The origin and spread of novel rituals

Event Details:

Wednesday, April 17, 2019
12:00 PM - 1:15 PM
ECA A101

Abstract:

Religious ritual is omnipresent in human societies, but unique to our species. Functional explanations of the phenomenon often ignore the most puzzling parts of ritual: its origins. Why and how does a population adopt a new ritual given the costs associated with the activity and its inefficacy? A new, 4 year old, apparition of Jesus that has spawned a yearly festival in the Peruvian Altiplano provides a rare opportunity to test competing hypotheses about the origins and spread of religious ritual. Using data from over 600 interviews with residents in 4 districts in the region, we will examine who adopts new religious practices, and the mechanisms that lead to its persistence and spread.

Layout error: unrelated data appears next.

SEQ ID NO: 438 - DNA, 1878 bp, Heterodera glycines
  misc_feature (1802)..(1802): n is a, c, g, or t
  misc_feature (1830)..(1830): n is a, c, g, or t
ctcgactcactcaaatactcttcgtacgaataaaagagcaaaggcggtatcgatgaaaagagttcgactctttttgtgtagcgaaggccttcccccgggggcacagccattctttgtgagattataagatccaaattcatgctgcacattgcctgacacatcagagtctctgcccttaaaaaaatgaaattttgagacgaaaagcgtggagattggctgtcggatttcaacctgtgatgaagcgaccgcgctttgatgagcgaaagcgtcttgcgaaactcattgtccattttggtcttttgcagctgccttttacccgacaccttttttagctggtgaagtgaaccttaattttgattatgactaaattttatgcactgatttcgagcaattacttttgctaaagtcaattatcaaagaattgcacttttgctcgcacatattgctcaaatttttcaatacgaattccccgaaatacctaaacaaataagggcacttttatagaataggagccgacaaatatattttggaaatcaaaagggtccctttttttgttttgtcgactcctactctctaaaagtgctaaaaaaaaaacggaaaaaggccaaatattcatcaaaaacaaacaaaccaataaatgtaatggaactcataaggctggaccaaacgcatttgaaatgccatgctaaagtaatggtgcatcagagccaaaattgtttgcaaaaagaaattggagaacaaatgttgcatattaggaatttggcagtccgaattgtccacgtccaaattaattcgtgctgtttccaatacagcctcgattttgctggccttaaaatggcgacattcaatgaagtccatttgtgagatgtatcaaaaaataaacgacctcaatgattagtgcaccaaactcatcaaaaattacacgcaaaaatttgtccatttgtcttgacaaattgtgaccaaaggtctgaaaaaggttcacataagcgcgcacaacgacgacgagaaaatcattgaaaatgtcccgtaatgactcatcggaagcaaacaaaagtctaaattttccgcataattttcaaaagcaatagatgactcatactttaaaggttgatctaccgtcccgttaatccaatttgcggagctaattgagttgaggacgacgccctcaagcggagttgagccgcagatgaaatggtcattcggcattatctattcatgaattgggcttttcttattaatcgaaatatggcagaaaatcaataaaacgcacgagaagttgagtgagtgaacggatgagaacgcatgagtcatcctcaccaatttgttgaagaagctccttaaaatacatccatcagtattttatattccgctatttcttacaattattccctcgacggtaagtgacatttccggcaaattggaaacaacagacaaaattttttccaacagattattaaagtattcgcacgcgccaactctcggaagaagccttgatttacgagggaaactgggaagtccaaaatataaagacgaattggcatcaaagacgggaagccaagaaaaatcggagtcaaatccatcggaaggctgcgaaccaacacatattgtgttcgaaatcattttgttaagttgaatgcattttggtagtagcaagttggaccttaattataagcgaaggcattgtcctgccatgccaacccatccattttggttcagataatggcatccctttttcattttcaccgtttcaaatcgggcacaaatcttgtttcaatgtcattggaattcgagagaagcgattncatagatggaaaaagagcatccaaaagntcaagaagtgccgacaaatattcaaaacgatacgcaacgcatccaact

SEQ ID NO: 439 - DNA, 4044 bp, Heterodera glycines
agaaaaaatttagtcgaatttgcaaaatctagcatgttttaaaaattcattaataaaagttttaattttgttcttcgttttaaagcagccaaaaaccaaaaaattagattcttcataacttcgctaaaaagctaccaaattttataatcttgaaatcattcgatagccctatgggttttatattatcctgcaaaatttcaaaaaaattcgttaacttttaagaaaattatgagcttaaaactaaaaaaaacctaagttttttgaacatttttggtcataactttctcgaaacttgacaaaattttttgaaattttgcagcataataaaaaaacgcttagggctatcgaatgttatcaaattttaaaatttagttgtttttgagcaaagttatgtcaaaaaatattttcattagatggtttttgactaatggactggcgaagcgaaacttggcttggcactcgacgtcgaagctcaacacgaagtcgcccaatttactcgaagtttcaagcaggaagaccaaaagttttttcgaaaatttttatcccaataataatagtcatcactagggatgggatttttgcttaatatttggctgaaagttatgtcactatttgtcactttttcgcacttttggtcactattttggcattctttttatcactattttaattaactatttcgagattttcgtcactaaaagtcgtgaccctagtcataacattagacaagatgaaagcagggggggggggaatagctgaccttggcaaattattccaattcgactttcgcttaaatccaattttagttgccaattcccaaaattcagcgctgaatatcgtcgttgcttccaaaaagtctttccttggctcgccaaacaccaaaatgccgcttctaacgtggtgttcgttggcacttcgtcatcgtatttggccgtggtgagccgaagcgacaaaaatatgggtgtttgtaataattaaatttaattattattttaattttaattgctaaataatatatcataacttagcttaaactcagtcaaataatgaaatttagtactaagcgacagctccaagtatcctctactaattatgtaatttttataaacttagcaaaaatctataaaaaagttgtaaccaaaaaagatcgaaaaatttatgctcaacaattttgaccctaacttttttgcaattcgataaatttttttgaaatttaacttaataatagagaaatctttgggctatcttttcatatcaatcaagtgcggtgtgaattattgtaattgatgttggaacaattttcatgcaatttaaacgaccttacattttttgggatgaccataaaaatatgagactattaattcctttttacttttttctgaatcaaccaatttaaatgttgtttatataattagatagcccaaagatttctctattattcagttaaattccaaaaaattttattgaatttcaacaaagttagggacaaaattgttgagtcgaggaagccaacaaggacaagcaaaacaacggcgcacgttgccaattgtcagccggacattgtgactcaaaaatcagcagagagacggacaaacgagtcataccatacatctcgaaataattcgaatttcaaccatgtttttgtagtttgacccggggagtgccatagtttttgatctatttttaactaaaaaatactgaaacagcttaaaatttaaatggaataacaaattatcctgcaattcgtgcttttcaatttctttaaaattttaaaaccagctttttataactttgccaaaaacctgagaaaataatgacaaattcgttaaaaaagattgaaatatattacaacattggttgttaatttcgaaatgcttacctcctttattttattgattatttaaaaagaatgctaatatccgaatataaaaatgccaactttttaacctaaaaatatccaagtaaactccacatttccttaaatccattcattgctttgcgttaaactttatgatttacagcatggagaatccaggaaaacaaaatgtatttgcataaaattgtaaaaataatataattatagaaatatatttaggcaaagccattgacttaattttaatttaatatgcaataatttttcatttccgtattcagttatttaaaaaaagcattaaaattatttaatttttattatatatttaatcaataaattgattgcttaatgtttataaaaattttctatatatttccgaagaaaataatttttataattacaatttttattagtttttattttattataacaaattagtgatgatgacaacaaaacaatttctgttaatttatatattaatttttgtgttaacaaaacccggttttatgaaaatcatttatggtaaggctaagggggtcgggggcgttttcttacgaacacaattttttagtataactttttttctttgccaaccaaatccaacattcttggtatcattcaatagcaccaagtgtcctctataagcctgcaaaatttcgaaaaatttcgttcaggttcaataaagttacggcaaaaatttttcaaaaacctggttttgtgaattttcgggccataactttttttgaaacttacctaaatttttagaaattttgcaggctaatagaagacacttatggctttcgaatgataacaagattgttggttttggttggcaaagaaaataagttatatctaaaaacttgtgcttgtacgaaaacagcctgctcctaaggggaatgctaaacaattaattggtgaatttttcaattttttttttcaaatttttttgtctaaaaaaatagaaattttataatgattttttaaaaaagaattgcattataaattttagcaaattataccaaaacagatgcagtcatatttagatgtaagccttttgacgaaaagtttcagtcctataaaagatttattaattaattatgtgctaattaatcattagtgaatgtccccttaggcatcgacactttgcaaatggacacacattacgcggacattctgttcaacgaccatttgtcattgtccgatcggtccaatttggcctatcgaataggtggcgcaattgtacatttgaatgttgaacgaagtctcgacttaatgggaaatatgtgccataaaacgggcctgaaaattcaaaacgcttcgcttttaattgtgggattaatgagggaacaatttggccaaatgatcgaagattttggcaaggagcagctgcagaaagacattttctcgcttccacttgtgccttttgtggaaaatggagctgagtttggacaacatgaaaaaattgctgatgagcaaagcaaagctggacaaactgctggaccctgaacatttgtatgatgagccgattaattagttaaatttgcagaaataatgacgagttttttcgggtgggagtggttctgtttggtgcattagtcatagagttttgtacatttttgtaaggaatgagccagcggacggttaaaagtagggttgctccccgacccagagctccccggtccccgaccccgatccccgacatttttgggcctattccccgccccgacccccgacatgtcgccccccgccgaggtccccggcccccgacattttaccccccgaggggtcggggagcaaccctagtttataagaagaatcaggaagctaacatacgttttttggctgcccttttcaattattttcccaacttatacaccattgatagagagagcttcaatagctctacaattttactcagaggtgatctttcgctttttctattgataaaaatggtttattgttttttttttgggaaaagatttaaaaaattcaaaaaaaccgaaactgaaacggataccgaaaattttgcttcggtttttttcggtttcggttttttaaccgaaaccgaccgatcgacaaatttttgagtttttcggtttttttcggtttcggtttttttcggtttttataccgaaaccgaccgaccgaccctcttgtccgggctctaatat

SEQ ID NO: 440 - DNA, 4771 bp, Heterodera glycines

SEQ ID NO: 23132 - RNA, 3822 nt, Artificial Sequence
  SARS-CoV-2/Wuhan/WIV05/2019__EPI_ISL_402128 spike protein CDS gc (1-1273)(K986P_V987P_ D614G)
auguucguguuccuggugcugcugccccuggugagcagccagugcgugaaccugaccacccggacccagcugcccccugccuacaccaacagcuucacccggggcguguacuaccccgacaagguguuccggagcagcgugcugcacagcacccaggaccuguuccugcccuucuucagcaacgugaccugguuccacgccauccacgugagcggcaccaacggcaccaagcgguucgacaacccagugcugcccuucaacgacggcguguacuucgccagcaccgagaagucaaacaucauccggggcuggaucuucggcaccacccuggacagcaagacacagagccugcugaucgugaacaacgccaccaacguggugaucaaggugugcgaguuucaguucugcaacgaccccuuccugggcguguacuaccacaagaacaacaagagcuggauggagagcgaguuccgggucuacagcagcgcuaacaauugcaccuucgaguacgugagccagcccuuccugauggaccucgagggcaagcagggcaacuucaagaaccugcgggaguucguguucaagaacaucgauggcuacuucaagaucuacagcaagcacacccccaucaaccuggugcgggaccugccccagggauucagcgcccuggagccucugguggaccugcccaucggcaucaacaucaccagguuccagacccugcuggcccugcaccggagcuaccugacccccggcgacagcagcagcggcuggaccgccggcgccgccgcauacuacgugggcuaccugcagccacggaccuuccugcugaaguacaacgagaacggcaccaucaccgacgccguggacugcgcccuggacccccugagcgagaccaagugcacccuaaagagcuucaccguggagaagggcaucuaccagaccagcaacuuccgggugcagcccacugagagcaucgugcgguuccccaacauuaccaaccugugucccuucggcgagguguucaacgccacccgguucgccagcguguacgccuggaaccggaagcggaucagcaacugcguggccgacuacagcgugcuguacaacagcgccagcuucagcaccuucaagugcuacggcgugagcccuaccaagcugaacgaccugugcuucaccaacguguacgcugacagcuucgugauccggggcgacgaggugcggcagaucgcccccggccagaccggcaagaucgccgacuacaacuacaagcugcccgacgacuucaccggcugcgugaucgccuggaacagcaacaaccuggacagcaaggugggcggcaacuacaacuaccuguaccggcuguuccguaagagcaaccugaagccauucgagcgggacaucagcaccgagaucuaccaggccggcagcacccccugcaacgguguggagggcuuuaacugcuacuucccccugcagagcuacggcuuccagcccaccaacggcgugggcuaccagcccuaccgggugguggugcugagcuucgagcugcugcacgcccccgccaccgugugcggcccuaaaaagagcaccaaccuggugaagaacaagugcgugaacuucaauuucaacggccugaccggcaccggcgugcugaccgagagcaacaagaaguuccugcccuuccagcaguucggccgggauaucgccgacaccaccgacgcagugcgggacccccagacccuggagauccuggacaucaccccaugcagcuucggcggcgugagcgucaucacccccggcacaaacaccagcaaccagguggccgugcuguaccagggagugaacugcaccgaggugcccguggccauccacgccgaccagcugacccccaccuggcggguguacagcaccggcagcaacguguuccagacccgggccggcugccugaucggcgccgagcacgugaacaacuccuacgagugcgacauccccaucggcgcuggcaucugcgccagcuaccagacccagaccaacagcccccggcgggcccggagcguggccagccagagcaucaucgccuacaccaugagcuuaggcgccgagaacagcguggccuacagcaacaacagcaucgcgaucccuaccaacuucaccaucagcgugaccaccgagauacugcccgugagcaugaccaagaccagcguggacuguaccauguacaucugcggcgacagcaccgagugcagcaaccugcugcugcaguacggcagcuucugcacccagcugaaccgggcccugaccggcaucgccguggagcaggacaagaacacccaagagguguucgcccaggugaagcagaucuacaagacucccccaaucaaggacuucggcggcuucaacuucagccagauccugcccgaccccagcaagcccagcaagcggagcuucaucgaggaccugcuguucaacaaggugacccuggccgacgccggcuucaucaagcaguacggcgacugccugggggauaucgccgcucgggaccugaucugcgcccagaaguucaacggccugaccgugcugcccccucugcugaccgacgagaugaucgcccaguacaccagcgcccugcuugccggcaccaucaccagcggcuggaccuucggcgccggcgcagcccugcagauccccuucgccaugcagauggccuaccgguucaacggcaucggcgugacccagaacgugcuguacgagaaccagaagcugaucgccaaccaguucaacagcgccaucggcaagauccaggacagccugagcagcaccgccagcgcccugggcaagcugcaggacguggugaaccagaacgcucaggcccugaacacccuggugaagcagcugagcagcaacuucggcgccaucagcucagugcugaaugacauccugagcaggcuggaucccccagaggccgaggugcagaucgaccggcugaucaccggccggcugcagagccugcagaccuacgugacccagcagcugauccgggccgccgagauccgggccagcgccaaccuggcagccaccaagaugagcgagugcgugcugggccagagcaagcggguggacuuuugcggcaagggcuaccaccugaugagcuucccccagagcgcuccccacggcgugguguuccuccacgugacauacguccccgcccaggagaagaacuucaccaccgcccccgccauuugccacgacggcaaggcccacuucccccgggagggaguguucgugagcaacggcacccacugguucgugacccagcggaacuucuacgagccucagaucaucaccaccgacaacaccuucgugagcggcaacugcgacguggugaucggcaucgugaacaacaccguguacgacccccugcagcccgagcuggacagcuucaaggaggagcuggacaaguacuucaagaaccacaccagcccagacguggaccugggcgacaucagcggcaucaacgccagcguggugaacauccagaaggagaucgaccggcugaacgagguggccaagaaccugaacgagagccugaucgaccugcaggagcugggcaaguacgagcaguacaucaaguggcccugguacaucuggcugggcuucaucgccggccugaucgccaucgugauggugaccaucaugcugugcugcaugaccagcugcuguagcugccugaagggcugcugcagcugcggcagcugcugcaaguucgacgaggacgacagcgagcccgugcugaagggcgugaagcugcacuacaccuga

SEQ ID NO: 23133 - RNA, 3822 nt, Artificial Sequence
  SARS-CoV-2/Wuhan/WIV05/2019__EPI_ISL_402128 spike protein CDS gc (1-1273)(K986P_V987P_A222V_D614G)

Bio:

Cristina is an Assistant Prof. of Evolutionary Anthropology at UC Davis. She enjoys puzzling over why people do weird things (compared to other animals), for example, why they have few children, create arbitrary group boundaries, and adopt new religious practices. Cristina received her PhD in anthropology from UCLA before going undercover in departments of Population Health; Psychology; Human Evolutionary Biology; and Human Behavior, Ecology & Culture.